Some of the women are strong characters, tough-talking, brassy and un-self-conscious. Nora Schweihs, the daughter of the late alleged mob enforcer Frank Schweihs, delivers one of the funniest lines heard on television this year.
After the big bar fight, she said she was feeling “Humiliation! With capital letters all the way through how it's spelt!”
You could see her wanting to express the big emotion, but at the same time realizing that she wasn't going to be able to spell the word.
Such moments do, in fact, feel real. But the reasons the women give for doing what they do are often incomprehensible: The fight happened because one character kept bringing up a conflict between two others that had been settled.
And the situations they are in are so contrived that the whole enterprise seems as unnatural as a surgically enhanced chest. (No idea why that comparison came to mind.)
The “mob,” the ostensible reason for their relationship, is merely a bit player, mentioned here and there as a “lifestyle” the women have been born into but seemingly having little influence in their lives at the moment.
“Secret Millionaire,” meanwhile, starts with a gigantic contrivance. A rich person is stripped of his or her identity and put into an impoverished situation to try to find heroes. Those people or organizations will then receive some kind of largesse, when the person, who has been pretending to be part of a documentary, reveals his wealth.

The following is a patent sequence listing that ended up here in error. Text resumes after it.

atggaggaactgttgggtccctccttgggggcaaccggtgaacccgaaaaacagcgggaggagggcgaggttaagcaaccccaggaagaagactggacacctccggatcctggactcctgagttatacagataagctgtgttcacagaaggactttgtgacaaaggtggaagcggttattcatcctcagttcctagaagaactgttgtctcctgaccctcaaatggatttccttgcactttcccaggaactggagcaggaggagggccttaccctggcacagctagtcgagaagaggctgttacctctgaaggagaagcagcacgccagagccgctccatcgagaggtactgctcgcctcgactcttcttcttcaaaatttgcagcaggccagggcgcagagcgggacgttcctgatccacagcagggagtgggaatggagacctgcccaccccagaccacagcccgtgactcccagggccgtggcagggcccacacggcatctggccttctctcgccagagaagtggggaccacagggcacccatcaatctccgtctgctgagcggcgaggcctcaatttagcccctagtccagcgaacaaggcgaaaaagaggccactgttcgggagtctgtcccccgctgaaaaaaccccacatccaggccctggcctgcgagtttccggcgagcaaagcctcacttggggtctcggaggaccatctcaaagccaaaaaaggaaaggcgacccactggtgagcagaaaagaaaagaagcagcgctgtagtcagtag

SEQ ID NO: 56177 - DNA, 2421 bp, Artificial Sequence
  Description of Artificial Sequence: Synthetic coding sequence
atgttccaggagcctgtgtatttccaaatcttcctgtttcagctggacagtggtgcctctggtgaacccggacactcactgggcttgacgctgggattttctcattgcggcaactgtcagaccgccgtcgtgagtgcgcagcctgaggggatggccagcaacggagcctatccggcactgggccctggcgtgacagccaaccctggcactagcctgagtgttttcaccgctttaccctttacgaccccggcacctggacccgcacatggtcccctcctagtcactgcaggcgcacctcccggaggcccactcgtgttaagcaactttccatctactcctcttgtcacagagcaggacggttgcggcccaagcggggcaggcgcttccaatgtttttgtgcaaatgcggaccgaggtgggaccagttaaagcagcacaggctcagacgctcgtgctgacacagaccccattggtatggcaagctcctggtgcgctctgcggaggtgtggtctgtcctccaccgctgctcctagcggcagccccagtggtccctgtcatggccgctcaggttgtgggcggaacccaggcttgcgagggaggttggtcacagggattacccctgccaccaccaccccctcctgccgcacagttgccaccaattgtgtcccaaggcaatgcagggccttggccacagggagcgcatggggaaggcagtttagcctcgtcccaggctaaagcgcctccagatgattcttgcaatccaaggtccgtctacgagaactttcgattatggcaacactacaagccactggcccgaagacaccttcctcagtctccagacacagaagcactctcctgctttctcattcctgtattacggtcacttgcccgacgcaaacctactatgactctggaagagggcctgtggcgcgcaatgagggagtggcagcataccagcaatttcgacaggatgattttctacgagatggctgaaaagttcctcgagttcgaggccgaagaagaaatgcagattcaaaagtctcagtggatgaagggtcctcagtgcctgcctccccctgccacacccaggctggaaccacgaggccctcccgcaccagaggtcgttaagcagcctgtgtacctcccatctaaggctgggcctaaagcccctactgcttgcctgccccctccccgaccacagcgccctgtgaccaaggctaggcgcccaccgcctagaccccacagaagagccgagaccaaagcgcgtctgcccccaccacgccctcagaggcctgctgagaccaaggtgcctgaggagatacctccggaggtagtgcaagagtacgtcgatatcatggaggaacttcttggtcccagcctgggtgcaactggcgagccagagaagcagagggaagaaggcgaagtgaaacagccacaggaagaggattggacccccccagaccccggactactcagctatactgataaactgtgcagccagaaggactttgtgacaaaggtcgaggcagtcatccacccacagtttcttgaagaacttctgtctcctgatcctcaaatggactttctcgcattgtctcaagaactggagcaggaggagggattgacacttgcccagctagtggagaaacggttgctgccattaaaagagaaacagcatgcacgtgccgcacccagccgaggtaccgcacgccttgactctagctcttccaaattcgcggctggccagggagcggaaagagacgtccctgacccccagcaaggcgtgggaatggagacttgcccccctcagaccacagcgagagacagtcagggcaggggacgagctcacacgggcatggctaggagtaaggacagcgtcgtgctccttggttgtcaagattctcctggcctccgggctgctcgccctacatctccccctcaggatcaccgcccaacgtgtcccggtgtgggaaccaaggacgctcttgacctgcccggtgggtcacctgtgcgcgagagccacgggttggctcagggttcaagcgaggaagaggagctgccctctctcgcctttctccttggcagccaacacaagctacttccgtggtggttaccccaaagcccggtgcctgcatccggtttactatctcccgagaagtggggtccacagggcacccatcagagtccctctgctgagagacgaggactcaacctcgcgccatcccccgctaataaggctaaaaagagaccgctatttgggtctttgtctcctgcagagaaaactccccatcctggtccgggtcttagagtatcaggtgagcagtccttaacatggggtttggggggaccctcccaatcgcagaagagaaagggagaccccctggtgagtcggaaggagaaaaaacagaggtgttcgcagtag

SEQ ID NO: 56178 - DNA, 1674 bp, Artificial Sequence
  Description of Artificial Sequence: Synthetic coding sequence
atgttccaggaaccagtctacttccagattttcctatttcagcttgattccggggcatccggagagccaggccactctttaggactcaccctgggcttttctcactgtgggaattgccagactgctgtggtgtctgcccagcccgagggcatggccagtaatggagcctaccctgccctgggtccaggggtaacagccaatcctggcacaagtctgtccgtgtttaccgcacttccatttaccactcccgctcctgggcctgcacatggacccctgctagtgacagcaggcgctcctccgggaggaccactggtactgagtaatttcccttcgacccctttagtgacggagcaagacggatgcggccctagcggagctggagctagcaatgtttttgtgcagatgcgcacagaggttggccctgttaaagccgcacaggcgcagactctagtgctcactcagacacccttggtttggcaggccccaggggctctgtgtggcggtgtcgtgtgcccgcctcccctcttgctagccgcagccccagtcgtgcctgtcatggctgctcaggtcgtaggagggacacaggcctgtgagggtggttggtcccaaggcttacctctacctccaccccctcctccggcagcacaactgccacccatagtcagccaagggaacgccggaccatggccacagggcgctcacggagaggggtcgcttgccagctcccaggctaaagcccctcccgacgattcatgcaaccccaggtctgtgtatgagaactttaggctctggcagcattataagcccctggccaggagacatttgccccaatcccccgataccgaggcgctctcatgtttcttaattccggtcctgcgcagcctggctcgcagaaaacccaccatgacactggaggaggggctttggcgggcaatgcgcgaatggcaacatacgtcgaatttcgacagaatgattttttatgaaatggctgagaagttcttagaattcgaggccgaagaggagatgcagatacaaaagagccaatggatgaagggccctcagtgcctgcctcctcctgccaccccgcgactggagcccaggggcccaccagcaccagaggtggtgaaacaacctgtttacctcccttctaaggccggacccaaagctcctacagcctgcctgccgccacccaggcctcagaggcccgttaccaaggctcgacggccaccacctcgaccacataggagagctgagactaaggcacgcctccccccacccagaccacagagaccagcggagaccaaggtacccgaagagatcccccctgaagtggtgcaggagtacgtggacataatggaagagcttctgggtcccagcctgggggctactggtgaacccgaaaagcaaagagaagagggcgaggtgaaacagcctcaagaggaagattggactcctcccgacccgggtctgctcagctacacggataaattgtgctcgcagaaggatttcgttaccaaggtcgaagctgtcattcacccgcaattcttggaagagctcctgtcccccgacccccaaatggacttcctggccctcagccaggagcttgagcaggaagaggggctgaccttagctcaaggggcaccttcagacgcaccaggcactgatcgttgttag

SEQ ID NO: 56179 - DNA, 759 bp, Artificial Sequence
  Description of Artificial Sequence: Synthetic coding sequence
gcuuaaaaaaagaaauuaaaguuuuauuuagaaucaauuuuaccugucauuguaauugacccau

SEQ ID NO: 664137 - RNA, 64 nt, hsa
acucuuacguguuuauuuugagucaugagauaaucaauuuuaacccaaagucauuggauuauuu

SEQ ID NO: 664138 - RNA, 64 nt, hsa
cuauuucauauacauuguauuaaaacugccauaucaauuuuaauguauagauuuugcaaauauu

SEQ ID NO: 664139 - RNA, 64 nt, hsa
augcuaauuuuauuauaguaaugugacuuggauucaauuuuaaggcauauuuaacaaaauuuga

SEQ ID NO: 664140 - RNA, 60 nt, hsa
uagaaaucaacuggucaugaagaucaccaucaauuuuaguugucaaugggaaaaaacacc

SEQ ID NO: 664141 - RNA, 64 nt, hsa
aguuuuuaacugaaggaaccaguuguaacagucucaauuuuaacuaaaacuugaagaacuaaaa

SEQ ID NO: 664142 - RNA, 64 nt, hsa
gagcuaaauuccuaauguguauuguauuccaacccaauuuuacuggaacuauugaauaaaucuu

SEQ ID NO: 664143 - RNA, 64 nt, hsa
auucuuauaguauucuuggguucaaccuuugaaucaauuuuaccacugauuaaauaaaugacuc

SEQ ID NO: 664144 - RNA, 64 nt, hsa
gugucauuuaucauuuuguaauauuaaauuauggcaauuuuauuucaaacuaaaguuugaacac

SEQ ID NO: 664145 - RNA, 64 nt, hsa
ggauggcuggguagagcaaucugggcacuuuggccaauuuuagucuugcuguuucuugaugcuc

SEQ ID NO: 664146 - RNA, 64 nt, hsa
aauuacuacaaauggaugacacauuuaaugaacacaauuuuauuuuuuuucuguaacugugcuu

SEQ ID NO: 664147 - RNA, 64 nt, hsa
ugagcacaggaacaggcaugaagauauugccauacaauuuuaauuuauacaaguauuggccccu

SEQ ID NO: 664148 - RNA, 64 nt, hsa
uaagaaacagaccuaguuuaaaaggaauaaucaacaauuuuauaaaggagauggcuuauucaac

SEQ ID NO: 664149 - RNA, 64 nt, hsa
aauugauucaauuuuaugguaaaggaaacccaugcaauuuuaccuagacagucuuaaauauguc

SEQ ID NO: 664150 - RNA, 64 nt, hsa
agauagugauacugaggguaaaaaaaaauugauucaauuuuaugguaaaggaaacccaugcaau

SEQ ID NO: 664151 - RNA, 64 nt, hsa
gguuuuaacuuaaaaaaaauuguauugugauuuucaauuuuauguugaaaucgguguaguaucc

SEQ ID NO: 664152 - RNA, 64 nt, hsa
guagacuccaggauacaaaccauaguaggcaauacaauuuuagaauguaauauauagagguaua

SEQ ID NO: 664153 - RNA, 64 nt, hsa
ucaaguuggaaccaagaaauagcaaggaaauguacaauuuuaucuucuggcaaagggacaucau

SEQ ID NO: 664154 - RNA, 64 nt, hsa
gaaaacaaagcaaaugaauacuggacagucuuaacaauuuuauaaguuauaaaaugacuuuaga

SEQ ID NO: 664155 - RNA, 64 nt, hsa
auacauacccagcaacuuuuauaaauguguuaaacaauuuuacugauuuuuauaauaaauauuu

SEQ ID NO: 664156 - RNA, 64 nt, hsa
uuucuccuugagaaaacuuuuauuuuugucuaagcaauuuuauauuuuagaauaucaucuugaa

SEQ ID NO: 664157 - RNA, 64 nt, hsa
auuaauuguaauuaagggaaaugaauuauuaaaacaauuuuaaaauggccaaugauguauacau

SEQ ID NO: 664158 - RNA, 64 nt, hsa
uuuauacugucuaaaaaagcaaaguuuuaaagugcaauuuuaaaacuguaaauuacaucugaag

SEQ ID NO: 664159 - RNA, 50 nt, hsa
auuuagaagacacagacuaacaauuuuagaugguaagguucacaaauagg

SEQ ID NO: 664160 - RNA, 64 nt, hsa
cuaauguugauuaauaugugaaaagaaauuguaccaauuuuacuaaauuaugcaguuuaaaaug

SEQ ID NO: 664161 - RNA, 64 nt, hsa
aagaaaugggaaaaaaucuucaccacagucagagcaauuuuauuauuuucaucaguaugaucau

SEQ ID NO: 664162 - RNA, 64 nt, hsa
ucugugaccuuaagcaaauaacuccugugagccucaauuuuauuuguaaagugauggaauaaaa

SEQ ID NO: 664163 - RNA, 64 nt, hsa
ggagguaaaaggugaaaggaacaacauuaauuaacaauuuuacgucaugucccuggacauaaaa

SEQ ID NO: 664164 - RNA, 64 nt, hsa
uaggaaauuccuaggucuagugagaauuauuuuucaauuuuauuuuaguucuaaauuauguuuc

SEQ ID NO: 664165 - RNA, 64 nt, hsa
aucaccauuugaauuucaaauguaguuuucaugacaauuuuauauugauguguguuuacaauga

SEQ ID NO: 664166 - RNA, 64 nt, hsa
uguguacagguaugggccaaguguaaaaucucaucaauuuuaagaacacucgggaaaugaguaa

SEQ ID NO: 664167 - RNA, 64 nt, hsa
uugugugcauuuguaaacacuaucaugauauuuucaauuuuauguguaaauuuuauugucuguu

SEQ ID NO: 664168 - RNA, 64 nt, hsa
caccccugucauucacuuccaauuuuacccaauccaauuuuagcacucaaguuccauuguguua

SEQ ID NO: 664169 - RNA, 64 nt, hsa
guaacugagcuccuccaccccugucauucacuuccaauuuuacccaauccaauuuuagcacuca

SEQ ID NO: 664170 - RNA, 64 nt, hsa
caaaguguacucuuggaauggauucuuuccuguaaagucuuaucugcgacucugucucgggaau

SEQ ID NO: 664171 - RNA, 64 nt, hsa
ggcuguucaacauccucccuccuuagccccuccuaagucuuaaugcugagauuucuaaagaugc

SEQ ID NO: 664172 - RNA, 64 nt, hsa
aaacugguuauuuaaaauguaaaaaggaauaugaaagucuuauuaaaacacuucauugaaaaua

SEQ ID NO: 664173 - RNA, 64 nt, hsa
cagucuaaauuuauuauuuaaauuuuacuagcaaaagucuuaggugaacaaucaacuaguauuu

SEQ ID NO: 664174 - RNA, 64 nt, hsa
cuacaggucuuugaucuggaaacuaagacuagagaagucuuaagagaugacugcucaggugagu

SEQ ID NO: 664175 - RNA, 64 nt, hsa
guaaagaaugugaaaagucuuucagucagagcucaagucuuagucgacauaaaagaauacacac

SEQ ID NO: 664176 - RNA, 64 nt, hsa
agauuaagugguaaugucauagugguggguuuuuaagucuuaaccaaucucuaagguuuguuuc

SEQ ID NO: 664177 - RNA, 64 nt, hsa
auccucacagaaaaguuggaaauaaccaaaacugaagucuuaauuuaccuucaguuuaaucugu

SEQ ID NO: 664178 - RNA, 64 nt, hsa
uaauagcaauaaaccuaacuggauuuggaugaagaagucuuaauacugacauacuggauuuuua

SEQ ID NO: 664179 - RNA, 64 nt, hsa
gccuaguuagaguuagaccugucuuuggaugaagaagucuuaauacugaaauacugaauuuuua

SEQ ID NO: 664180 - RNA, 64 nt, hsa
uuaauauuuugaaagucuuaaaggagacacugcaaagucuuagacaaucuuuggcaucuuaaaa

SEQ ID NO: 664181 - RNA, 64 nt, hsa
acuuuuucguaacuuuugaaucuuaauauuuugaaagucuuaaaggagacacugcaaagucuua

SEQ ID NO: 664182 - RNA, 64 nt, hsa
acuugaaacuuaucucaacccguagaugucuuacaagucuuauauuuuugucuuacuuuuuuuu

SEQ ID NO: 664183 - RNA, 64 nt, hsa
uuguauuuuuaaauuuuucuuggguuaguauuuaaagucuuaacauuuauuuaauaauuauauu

The reveal itself isn't all that satisfying. “I am fortunate enough to be a millionaire” recalls “Austin Powers” and Dr. Evil's failure to realize that $1 million isn't what it used to be.
But the quest for good deeds, and the way it affects the wealthy donors, is genuinely engaging stuff. “My Chicago got bigger,” says Kaplan, a 52-year-old from Buffalo Grove who made his money through marketing companies and writing business books. “I now mean the North Side all the way down to 120th Street.”
This is a reality show in the best sense. It shows a different reality than the one people think they know. And it changes the reality for some of its participants. When Kaplan calls his ability to help out “one of the best moments of my life,” the sincerity is palpable.
The same emotional connection is present when he works on a memorial for scores of people who died before reaching adulthood.
“Why are we not outraged that this is happening?” Kaplan asks of the broader society. One possible answer lies in our willingness to be distracted by stage-managed bickering among groups of people we don't personally know.
7 p.m. Sundays, ABC. Kaplan is hosting a viewing party Sunday at Moe's Cantina, 155 W. Kinzie St., with all proceeds going to the organizations he helps in the show.
'Chicagolicious': 8 p.m. Mondays, Style Network.
'Mob Wives Chicago': 7 p.m. Sundays, VH1.